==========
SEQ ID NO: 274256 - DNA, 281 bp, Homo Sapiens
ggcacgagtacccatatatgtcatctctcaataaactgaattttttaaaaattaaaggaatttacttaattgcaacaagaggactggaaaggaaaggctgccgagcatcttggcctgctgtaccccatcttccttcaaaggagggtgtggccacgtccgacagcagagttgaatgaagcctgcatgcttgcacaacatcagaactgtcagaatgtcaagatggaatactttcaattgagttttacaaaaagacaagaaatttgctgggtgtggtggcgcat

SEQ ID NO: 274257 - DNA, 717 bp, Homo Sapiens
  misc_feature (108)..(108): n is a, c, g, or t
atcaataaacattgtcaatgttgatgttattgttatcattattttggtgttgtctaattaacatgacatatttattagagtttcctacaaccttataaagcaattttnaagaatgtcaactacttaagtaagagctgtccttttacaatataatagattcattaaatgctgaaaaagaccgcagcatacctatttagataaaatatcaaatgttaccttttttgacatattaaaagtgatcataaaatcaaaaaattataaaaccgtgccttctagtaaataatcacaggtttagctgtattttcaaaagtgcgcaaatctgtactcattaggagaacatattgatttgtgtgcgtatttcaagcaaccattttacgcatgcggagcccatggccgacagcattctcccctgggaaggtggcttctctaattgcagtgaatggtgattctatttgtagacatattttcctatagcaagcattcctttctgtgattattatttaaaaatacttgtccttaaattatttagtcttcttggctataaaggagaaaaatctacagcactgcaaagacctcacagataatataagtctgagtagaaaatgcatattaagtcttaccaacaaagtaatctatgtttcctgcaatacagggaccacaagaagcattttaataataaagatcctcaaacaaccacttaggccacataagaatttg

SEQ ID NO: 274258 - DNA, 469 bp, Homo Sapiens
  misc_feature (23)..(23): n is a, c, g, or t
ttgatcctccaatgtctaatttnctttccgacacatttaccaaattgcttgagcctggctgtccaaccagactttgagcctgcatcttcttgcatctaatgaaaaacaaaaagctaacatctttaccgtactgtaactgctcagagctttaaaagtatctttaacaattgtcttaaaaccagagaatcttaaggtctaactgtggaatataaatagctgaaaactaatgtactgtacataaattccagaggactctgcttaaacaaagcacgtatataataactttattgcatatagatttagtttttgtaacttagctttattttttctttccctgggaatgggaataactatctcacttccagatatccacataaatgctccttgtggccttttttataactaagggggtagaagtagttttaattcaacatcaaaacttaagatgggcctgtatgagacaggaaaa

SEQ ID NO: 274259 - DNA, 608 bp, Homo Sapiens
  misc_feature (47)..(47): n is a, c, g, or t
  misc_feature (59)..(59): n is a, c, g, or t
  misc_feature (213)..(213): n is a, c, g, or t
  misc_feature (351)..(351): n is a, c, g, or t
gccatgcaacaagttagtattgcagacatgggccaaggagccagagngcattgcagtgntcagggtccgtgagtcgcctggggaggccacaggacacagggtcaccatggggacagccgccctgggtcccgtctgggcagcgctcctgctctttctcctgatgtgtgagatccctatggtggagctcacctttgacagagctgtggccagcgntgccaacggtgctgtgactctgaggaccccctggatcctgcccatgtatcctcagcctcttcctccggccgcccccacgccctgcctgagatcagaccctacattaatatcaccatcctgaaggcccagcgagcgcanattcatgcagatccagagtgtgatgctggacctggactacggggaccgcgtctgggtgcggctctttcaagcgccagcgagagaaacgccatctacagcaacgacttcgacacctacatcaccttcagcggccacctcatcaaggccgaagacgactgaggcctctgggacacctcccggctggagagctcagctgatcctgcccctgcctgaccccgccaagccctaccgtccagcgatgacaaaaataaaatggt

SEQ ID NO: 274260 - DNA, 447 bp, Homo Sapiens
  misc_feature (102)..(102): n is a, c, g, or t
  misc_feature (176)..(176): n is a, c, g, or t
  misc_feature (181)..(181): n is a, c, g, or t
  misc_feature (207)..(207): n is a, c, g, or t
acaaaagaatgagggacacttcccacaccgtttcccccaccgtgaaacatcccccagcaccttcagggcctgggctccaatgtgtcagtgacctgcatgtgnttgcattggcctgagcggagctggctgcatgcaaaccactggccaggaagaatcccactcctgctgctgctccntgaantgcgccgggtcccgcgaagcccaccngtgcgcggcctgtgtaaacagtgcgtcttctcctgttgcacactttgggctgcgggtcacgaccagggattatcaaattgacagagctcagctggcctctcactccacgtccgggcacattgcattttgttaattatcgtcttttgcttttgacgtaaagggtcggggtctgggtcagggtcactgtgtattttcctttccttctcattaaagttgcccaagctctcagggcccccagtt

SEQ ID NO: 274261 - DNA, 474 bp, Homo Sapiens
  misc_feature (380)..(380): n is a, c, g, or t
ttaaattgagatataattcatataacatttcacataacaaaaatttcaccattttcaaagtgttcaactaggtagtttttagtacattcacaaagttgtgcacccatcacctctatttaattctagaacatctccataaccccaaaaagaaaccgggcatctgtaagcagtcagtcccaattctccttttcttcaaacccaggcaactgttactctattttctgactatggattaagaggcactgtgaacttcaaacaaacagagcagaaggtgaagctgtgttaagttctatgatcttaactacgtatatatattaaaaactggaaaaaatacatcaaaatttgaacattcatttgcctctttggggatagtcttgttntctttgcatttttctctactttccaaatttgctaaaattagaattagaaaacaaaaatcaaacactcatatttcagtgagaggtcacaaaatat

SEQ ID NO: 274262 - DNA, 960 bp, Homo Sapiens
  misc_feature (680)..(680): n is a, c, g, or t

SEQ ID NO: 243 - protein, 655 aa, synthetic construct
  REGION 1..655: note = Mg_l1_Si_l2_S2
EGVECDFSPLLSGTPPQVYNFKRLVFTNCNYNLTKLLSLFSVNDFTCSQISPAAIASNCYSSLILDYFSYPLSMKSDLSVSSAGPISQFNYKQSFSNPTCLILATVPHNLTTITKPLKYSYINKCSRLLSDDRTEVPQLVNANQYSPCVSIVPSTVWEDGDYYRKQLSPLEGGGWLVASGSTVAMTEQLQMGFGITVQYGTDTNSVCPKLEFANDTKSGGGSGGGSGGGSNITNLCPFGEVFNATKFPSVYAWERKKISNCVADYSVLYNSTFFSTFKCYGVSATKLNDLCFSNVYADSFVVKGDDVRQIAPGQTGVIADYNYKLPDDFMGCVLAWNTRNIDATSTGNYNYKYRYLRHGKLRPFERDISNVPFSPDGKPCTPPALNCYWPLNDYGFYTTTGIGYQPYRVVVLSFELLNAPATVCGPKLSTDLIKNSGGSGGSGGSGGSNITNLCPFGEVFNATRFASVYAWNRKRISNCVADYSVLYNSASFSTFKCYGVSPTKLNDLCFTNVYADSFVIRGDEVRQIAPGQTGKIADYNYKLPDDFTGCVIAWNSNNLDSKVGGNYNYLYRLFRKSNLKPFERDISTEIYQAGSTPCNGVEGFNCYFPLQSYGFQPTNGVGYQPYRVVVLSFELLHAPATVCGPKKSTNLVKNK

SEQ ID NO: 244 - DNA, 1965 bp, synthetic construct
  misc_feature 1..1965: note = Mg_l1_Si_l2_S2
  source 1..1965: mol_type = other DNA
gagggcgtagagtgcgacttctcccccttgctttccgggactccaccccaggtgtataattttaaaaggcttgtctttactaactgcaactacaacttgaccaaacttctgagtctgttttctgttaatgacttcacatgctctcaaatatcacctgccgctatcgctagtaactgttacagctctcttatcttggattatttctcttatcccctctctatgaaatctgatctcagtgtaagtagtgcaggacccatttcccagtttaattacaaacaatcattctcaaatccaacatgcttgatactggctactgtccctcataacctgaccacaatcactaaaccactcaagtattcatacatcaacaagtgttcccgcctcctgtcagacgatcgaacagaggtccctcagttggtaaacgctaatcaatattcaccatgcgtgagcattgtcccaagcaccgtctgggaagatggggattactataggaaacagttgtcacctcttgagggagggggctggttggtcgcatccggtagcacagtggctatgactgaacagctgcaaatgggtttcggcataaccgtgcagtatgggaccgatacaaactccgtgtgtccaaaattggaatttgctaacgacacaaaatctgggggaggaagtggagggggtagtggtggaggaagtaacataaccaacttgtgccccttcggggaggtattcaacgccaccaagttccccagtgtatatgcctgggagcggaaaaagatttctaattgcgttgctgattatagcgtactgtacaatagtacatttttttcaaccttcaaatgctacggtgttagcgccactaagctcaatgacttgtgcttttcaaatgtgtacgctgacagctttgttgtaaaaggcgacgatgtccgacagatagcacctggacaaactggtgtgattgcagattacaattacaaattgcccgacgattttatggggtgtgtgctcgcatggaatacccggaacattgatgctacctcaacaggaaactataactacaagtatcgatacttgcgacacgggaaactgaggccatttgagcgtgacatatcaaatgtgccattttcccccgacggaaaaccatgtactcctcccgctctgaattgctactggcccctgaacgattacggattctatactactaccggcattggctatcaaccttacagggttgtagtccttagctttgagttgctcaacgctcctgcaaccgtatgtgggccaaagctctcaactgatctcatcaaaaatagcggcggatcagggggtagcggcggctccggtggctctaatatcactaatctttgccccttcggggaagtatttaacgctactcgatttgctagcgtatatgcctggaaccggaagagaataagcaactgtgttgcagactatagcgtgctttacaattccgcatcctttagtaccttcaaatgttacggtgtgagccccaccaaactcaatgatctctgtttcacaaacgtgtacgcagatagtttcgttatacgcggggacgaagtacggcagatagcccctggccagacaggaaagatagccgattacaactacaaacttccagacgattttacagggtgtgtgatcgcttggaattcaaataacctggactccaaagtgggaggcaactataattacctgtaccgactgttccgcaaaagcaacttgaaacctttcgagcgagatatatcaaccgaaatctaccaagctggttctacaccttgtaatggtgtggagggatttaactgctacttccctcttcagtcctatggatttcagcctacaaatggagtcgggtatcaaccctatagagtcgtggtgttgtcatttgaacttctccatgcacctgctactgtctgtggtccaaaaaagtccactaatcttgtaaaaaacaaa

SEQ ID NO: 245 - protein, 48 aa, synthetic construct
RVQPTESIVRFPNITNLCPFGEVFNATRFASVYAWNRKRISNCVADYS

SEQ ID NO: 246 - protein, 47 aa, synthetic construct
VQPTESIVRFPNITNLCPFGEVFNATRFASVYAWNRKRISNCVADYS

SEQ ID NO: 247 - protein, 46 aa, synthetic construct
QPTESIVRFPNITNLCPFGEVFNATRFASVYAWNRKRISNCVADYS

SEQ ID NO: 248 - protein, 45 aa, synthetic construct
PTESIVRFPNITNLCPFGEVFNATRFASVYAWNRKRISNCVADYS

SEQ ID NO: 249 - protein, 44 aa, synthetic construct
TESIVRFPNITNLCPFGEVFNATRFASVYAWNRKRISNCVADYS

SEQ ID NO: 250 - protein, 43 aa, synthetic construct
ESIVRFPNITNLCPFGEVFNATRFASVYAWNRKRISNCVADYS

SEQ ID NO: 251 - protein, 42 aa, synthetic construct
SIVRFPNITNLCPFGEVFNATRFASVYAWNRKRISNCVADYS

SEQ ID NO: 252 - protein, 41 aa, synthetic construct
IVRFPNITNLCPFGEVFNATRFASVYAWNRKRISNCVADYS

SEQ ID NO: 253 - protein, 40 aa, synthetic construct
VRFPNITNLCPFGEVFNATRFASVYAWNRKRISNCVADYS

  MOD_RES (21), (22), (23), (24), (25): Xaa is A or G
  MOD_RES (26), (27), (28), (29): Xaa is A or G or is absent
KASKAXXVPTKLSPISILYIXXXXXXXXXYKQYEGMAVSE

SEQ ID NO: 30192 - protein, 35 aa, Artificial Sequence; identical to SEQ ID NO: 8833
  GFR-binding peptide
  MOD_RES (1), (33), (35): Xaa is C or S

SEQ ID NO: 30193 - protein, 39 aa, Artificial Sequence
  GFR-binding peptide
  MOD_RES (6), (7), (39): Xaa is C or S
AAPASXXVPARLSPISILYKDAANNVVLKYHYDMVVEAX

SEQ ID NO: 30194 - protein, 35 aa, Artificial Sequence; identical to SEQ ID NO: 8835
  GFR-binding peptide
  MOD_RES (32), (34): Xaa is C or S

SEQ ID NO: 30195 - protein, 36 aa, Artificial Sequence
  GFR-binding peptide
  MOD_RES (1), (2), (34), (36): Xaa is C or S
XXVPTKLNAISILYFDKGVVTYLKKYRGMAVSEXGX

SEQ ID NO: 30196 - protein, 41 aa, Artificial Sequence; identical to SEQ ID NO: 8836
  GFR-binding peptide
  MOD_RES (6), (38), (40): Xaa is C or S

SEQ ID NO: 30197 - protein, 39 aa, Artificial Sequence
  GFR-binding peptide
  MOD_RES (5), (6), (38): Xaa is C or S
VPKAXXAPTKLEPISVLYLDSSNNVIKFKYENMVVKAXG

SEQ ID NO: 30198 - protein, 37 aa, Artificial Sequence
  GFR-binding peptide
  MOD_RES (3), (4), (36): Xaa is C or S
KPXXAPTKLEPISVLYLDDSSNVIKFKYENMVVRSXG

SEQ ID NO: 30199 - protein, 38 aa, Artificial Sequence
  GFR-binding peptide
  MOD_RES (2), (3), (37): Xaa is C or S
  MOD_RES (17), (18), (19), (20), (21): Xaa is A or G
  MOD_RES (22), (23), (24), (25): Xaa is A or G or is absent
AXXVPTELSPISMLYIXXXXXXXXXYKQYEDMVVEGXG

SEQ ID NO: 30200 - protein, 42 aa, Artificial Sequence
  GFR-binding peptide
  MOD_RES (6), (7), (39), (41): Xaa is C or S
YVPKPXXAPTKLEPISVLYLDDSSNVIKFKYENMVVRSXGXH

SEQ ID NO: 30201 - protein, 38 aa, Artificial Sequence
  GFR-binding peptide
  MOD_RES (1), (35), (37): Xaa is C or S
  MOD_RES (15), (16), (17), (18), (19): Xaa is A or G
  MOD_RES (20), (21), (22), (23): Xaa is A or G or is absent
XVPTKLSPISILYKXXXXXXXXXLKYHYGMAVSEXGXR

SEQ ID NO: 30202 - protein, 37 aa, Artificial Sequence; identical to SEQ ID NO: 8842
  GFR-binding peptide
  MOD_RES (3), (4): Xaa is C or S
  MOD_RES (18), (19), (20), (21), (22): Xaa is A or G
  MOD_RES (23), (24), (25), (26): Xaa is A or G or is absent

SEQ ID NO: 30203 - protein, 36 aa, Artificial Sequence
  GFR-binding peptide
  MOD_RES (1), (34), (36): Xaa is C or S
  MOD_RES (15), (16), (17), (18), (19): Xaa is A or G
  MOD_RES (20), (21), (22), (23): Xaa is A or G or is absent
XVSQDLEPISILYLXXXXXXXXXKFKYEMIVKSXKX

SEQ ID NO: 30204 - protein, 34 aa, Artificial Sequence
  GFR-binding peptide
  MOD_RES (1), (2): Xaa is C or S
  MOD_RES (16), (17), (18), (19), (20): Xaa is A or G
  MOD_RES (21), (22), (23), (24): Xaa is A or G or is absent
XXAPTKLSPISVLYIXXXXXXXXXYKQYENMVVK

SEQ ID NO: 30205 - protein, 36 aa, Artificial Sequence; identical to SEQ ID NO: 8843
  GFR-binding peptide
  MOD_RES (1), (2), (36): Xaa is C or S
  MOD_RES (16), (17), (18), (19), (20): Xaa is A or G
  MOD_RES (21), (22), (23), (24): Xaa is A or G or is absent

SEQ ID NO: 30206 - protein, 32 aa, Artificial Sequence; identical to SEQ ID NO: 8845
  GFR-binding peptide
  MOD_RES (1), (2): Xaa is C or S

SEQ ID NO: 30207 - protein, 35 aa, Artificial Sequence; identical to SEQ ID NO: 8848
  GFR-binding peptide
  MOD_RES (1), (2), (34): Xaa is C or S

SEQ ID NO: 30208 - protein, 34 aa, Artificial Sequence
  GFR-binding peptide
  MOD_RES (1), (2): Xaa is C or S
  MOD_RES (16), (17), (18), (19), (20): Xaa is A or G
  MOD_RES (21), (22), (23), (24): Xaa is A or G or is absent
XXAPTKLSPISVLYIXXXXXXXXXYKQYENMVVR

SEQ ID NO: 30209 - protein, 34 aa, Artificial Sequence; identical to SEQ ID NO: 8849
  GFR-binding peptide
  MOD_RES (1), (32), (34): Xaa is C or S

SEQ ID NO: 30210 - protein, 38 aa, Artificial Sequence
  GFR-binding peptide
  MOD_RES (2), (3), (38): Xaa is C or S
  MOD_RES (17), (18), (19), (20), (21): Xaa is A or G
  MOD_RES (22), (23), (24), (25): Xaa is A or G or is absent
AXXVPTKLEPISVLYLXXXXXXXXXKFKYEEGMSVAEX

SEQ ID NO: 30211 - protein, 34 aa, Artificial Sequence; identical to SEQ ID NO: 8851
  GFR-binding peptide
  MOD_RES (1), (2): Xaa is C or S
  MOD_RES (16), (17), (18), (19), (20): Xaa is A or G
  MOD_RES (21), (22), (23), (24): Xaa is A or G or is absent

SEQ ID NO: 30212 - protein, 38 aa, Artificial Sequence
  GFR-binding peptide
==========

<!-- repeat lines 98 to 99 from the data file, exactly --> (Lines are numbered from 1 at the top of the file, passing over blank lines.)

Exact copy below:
  MOD_RES (18), (19), (20), (21), (22): Xaa is A or G
  MOD_RES (23), (24), (25), (26): Xaa is A or G or is absent